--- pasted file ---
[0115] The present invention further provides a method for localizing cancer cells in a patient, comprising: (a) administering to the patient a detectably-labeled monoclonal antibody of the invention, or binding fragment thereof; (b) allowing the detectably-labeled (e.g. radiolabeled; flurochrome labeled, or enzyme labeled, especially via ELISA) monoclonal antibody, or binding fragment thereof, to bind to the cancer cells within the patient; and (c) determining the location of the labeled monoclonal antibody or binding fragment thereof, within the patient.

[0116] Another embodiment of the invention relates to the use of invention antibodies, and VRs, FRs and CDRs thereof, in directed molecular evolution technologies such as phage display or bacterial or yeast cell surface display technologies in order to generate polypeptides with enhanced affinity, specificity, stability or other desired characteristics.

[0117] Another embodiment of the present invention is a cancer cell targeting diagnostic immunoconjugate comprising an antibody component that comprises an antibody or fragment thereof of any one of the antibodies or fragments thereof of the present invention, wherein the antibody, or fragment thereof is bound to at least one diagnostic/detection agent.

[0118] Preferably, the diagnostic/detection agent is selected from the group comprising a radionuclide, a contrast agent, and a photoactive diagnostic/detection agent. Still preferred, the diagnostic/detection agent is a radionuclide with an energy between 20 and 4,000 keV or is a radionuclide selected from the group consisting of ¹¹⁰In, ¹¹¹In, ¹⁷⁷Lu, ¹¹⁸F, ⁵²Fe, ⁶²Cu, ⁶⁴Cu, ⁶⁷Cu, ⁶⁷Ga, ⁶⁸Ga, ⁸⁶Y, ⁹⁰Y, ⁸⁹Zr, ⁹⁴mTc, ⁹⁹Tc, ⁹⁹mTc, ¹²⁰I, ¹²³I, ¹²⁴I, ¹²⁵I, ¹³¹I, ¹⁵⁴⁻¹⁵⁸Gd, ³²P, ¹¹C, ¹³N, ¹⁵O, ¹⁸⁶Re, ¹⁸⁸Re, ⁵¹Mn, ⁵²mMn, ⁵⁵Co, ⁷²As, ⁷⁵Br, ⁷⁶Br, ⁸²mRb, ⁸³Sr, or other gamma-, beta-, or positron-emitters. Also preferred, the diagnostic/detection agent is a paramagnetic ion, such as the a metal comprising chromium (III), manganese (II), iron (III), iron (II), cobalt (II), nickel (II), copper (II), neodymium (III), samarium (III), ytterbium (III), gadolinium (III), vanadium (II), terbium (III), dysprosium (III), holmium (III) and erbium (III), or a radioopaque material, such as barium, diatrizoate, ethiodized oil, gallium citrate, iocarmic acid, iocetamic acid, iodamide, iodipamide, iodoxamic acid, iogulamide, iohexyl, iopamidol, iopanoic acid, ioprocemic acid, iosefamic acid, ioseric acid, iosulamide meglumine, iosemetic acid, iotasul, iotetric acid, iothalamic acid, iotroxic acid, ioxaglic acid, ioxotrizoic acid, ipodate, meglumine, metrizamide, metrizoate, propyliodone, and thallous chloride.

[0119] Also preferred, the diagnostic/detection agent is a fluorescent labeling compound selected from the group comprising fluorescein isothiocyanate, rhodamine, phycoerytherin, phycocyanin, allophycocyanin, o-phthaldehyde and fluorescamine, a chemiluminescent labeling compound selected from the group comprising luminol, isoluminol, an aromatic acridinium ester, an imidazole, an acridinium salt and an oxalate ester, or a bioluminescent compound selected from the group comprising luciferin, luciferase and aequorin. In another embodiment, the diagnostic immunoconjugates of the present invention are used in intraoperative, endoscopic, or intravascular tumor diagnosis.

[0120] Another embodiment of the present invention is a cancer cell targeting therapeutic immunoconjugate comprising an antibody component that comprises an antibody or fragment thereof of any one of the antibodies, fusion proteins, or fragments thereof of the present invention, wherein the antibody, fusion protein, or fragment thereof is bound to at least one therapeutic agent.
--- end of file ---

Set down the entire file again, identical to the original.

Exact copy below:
[0115] The present invention further provides a method for localizing cancer cells in a patient, comprising: (a) administering to the patient a detectably-labeled monoclonal antibody of the invention, or binding fragment thereof; (b) allowing the detectably-labeled (e.g. radiolabeled; flurochrome labeled, or enzyme labeled, especially via ELISA) monoclonal antibody, or binding fragment thereof, to bind to the cancer cells within the patient; and (c) determining the location of the labeled monoclonal antibody or binding fragment thereof, within the patient.

[0116] Another embodiment of the invention relates to the use of invention antibodies, and VRs, FRs and CDRs thereof, in directed molecular evolution technologies such as phage display or bacterial or yeast cell surface display technologies in order to generate polypeptides with enhanced affinity, specificity, stability or other desired characteristics.

[0117] Another embodiment of the present invention is a cancer cell targeting diagnostic immunoconjugate comprising an antibody component that comprises an antibody or fragment thereof of any one of the antibodies or fragments thereof of the present invention, wherein the antibody, or fragment thereof is bound to at least one diagnostic/detection agent.

[0118] Preferably, the diagnostic/detection agent is selected from the group comprising a radionuclide, a contrast agent, and a photoactive diagnostic/detection agent. Still preferred, the diagnostic/detection agent is a radionuclide with an energy between 20 and 4,000 keV or is a radionuclide selected from the group consisting of ¹¹⁰In, ¹¹¹In, ¹⁷⁷Lu, ¹¹⁸F, ⁵²Fe, ⁶²Cu, ⁶⁴Cu, ⁶⁷Cu, ⁶⁷Ga, ⁶⁸Ga, ⁸⁶Y, ⁹⁰Y, ⁸⁹Zr, ⁹⁴mTc, ⁹⁹Tc, ⁹⁹mTc, ¹²⁰I, ¹²³I, ¹²⁴I, ¹²⁵I, ¹³¹I, ¹⁵⁴⁻¹⁵⁸Gd, ³²P, ¹¹C, ¹³N, ¹⁵O, ¹⁸⁶Re, ¹⁸⁸Re, ⁵¹Mn, ⁵²mMn, ⁵⁵Co, ⁷²As, ⁷⁵Br, ⁷⁶Br, ⁸²mRb, ⁸³Sr, or other gamma-, beta-, or positron-emitters. Also preferred, the diagnostic/detection agent is a paramagnetic ion, such as the a metal comprising chromium (III), manganese (II), iron (III), iron (II), cobalt (II), nickel (II), copper (II), neodymium (III), samarium (III), ytterbium (III), gadolinium (III), vanadium (II), terbium (III), dysprosium (III), holmium (III) and erbium (III), or a radioopaque material, such as barium, diatrizoate, ethiodized oil, gallium citrate, iocarmic acid, iocetamic acid, iodamide, iodipamide, iodoxamic acid, iogulamide, iohexyl, iopamidol, iopanoic acid, ioprocemic acid, iosefamic acid, ioseric acid, iosulamide meglumine, iosemetic acid, iotasul, iotetric acid, iothalamic acid, iotroxic acid, ioxaglic acid, ioxotrizoic acid, ipodate, meglumine, metrizamide, metrizoate, propyliodone, and thallous chloride.

[0119] Also preferred, the diagnostic/detection agent is a fluorescent labeling compound selected from the group comprising fluorescein isothiocyanate, rhodamine, phycoerytherin, phycocyanin, allophycocyanin, o-phthaldehyde and fluorescamine, a chemiluminescent labeling compound selected from the group comprising luminol, isoluminol, an aromatic acridinium ester, an imidazole, an acridinium salt and an oxalate ester, or a bioluminescent compound selected from the group comprising luciferin, luciferase and aequorin. In another embodiment, the diagnostic immunoconjugates of the present invention are used in intraoperative, endoscopic, or intravascular tumor diagnosis.

[0120] Another embodiment of the present invention is a cancer cell targeting therapeutic immunoconjugate comprising an antibody component that comprises an antibody or fragment thereof of any one of the antibodies, fusion proteins, or fragments thereof of the present invention, wherein the antibody, fusion protein, or fragment thereof is bound to at least one therapeutic agent.